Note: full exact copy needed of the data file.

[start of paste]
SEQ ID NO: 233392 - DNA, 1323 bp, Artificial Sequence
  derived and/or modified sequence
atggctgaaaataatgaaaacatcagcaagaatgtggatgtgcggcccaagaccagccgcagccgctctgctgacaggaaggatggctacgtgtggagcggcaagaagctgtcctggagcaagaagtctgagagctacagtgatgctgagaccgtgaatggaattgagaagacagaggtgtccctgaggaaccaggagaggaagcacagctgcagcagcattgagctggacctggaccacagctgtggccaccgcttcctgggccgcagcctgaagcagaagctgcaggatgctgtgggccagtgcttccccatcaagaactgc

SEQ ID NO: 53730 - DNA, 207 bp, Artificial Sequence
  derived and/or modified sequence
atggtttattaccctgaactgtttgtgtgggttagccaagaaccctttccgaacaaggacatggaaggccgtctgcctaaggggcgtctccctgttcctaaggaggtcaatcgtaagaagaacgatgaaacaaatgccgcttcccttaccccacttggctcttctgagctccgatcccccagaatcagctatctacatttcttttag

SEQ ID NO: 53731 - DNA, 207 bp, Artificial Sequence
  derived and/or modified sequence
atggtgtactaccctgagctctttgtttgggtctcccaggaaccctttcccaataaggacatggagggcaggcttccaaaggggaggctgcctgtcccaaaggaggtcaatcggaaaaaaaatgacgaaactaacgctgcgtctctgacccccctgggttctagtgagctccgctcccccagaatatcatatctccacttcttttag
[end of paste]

SEQ ID NO: 233392 - DNA, 1323 bp, Artificial Sequence
  derived and/or modified sequence
atggctgaaaataatgaaaacatcagcaagaatgtggatgtgcggcccaagaccagccgcagccgctctgctgacaggaaggatggctacgtgtggagcggcaagaagctgtcctggagcaagaagtctgagagctacagtgatgctgagaccgtgaatggaattgagaagacagaggtgtccctgaggaaccaggagaggaagcacagctgcagcagcattgagctggacctggaccacagctgtggccaccgcttcctgggccgcagcctgaagcagaagctgcaggatgctgtgggccagtgcttccccatcaagaactgc

SEQ ID NO: 53730 - DNA, 207 bp, Artificial Sequence
  derived and/or modified sequence
atggtttattaccctgaactgtttgtgtgggttagccaagaaccctttccgaacaaggacatggaaggccgtctgcctaaggggcgtctccctgttcctaaggaggtcaatcgtaagaagaacgatgaaacaaatgccgcttcccttaccccacttggctcttctgagctccgatcccccagaatcagctatctacatttcttttag

SEQ ID NO: 53731 - DNA, 207 bp, Artificial Sequence
  derived and/or modified sequence
atggtgtactaccctgagctctttgtttgggtctcccaggaaccctttcccaataaggacatggagggcaggcttccaaaggggaggctgcctgtcccaaaggaggtcaatcggaaaaaaaatgacgaaactaacgctgcgtctctgacccccctgggttctagtgagctccgctcccccagaatatcatatctccacttcttttag